Official court documents released later, on April 5, 2006, reveal that Libby testified that "he was specifically authorized in advance" of his meeting with Judith Miller, reporter for The New York Times, to disclose the "key judgments" of the October 2002 classified National Intelligence Estimate (NIE).According to Libby's testimony, "the Vice President later advised him that the President had authorized defendant to disclose the relevant portions of the NIE [to Judith Miller]." According to his testimony, the information that Libby was authorized to disclose to Miller "was intended to rebut the allegations of an administration critic, former ambassador Joseph Wilson." A couple of days after Libby's meeting with Miller, then-National Security Advisor Condoleezza Rice told reporters, "We don't want to try to get into kind of selective declassification" of the NIE, adding, "We're looking at what can be made available." A "sanitized version" of the NIE in question was officially declassified on July 18, 2003, ten days after Libby's contact with Miller, and was presented at a White House background briefing on weapons of mass destruction (WMD) in Iraq.His divorce had been "delayed because I was never in one place long enough to complete the process," though he and she had already been living separate lives since the mid-1990s.Plame and Wilson are the parents of twins, Trevor Rolph, and Samantha Finnell Diana, born in January 2000.In collaboration with a ghostwriter, Plame wrote a memoir detailing her career and the events leading up to her resignation from the CIA and she has subsequently written and published at least two spy novels.A biographical feature film, Fair Game, was produced based on memoirs by her and her husband.In 1997, while she was working for the Central Intelligence Agency (CIA), Plame met former Ambassador Joseph C.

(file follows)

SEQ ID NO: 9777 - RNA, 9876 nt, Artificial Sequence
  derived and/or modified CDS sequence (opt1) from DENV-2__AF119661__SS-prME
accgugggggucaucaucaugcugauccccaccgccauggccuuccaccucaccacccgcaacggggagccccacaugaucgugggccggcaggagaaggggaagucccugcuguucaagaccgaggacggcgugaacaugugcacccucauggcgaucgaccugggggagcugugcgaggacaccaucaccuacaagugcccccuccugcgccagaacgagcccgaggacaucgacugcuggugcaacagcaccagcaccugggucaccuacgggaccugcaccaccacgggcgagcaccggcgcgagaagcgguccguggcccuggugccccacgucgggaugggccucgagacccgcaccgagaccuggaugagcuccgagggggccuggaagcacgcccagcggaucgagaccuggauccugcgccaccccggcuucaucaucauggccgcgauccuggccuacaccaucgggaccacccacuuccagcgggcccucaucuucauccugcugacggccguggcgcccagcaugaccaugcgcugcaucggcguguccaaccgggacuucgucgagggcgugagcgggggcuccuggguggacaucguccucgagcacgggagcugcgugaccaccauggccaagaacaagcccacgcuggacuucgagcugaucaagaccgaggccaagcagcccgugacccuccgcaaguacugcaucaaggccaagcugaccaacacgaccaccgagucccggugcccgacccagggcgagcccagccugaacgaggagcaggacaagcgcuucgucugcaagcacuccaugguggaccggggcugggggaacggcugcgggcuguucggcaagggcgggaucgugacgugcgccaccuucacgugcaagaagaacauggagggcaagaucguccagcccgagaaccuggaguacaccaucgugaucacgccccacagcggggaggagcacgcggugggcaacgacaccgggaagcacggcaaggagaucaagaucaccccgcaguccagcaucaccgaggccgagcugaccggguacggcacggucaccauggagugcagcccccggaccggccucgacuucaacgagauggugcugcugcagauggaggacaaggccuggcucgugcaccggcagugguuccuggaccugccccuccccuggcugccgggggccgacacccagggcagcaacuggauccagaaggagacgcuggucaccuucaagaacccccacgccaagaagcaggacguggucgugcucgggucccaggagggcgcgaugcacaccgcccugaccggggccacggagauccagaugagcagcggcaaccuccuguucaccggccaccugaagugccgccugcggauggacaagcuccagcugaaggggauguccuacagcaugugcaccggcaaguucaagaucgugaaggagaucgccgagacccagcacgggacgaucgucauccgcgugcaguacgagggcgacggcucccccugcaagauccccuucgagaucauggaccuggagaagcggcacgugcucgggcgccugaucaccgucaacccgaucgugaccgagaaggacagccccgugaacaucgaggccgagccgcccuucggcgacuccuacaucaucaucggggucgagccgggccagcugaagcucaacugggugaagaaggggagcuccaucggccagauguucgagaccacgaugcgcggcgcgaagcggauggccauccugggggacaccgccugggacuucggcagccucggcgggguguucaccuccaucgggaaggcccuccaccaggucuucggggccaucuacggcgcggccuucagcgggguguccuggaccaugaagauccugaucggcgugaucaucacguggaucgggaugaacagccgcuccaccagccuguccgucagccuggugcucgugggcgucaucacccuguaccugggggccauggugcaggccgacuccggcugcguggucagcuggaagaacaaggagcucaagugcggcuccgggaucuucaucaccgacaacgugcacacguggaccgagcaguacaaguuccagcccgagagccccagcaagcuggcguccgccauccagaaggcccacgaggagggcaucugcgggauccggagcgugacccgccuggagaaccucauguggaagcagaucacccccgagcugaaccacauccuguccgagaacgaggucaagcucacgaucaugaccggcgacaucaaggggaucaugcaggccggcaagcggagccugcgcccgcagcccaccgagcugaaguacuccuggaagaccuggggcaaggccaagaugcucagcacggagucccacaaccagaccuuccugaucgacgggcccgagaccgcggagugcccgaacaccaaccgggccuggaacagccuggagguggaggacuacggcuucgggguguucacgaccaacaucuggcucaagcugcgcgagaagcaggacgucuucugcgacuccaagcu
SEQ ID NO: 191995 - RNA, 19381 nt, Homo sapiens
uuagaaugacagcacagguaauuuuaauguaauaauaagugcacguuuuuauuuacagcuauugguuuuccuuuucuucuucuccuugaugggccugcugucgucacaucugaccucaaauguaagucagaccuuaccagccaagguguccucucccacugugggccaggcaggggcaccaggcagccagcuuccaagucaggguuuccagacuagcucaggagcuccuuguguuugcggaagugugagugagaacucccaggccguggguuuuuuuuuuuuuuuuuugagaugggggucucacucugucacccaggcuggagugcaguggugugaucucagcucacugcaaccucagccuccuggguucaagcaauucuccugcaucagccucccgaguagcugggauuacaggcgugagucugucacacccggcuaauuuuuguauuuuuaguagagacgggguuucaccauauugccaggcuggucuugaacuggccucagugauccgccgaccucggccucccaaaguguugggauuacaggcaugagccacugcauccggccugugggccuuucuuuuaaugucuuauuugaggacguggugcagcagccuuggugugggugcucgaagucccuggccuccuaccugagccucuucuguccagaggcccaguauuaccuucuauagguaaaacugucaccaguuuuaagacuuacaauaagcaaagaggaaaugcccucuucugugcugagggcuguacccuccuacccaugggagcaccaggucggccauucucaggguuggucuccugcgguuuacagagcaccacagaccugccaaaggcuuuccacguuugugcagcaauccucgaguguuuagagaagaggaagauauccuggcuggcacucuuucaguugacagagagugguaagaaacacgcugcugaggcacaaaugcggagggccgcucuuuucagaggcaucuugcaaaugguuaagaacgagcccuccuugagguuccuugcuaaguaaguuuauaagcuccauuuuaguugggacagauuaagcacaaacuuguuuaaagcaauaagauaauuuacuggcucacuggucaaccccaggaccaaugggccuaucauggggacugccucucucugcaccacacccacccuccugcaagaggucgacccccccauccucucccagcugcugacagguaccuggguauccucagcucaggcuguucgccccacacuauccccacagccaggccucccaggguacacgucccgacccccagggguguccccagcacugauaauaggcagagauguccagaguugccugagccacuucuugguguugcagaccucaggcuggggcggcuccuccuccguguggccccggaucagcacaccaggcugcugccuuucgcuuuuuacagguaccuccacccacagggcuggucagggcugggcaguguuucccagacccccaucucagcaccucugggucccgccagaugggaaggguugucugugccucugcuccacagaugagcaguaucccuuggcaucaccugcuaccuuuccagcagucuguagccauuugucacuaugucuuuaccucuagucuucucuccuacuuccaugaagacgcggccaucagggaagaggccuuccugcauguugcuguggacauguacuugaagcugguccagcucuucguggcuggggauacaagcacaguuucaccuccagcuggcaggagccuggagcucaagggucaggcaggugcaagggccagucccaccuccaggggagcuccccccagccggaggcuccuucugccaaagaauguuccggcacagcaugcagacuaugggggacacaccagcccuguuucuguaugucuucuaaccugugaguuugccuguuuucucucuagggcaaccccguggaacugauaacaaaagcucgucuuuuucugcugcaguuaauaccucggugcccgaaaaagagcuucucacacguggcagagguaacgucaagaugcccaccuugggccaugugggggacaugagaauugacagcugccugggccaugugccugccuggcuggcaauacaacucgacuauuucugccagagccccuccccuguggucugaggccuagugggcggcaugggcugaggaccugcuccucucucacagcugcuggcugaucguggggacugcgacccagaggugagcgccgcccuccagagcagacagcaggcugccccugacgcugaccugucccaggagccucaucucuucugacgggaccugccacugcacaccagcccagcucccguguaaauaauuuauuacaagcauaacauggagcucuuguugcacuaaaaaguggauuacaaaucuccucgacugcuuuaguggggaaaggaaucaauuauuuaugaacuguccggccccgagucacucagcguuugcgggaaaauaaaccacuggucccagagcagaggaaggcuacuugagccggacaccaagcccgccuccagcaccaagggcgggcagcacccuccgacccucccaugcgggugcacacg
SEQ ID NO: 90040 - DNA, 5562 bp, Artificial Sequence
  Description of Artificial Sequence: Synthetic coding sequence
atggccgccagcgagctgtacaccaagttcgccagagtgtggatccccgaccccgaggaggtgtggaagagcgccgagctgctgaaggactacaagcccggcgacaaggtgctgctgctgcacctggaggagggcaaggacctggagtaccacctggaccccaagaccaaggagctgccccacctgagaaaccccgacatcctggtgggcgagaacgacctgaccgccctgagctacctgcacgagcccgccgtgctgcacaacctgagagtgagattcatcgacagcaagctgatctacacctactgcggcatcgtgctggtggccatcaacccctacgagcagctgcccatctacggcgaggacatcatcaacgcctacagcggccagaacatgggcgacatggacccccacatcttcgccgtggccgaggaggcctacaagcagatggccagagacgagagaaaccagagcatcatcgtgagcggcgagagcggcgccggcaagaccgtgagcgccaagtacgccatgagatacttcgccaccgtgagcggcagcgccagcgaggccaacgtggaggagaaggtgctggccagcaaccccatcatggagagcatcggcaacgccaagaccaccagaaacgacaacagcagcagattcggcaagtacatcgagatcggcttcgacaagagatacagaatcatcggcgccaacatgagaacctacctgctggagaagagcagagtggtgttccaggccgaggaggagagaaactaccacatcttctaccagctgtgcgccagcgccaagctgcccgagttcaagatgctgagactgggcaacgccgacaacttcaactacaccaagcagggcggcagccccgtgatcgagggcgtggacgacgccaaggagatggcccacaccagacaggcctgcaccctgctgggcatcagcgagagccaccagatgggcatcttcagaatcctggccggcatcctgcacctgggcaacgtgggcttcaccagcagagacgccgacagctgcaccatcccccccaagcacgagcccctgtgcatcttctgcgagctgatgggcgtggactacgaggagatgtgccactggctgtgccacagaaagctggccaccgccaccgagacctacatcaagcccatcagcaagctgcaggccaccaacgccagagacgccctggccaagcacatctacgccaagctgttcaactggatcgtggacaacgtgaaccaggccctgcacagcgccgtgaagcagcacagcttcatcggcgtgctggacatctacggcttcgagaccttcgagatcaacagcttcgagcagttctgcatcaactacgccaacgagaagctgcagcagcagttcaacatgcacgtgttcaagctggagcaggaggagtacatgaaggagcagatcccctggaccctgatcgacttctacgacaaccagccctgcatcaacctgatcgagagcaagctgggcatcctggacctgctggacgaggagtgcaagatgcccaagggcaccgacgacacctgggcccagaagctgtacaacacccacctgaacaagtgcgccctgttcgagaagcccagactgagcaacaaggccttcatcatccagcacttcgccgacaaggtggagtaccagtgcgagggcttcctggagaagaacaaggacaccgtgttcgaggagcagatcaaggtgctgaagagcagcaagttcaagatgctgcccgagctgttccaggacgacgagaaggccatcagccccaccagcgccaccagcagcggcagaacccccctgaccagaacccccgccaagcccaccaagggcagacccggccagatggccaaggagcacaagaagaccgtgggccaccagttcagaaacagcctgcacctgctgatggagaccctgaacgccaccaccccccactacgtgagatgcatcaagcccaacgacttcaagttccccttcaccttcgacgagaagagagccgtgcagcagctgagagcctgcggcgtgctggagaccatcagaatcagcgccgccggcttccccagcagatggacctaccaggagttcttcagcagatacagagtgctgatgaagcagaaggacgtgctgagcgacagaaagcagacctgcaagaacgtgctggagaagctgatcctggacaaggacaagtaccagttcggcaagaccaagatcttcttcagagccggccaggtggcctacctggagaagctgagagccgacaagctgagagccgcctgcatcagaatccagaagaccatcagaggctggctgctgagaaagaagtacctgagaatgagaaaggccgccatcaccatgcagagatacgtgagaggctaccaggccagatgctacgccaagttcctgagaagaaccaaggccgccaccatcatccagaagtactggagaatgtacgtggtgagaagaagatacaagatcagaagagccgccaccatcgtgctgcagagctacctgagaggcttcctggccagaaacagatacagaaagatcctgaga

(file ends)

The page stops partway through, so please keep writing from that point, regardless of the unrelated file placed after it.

David Corn and Michael Isikoff argued that the undercover work being done by Plame and her CIA colleagues in the Directorate of Central Intelligence Nonproliferation Center strongly contradicted such a claim.After a failed appeal, President Bush commuted Libby's sentence.No one was formally charged with leaking the information.Professionally, while a covert CIA officer, she used her given first name and her maiden surname, "Valerie Plame." Since leaving the CIA, as a speaker, she has used the name "Valerie Plame Wilson", Socially, and in public records of her political contributions, since her marriage in 1998, she has used the name "Valerie E.
Wilson." At the time that they met, Wilson relates in his memoir, he was separated from his second wife Jacqueline; they divorced after 12 years of marriage so that he could marry Plame.
There was, however, no count for disclosing classified information, i.e., Plame's status as a CIA operative.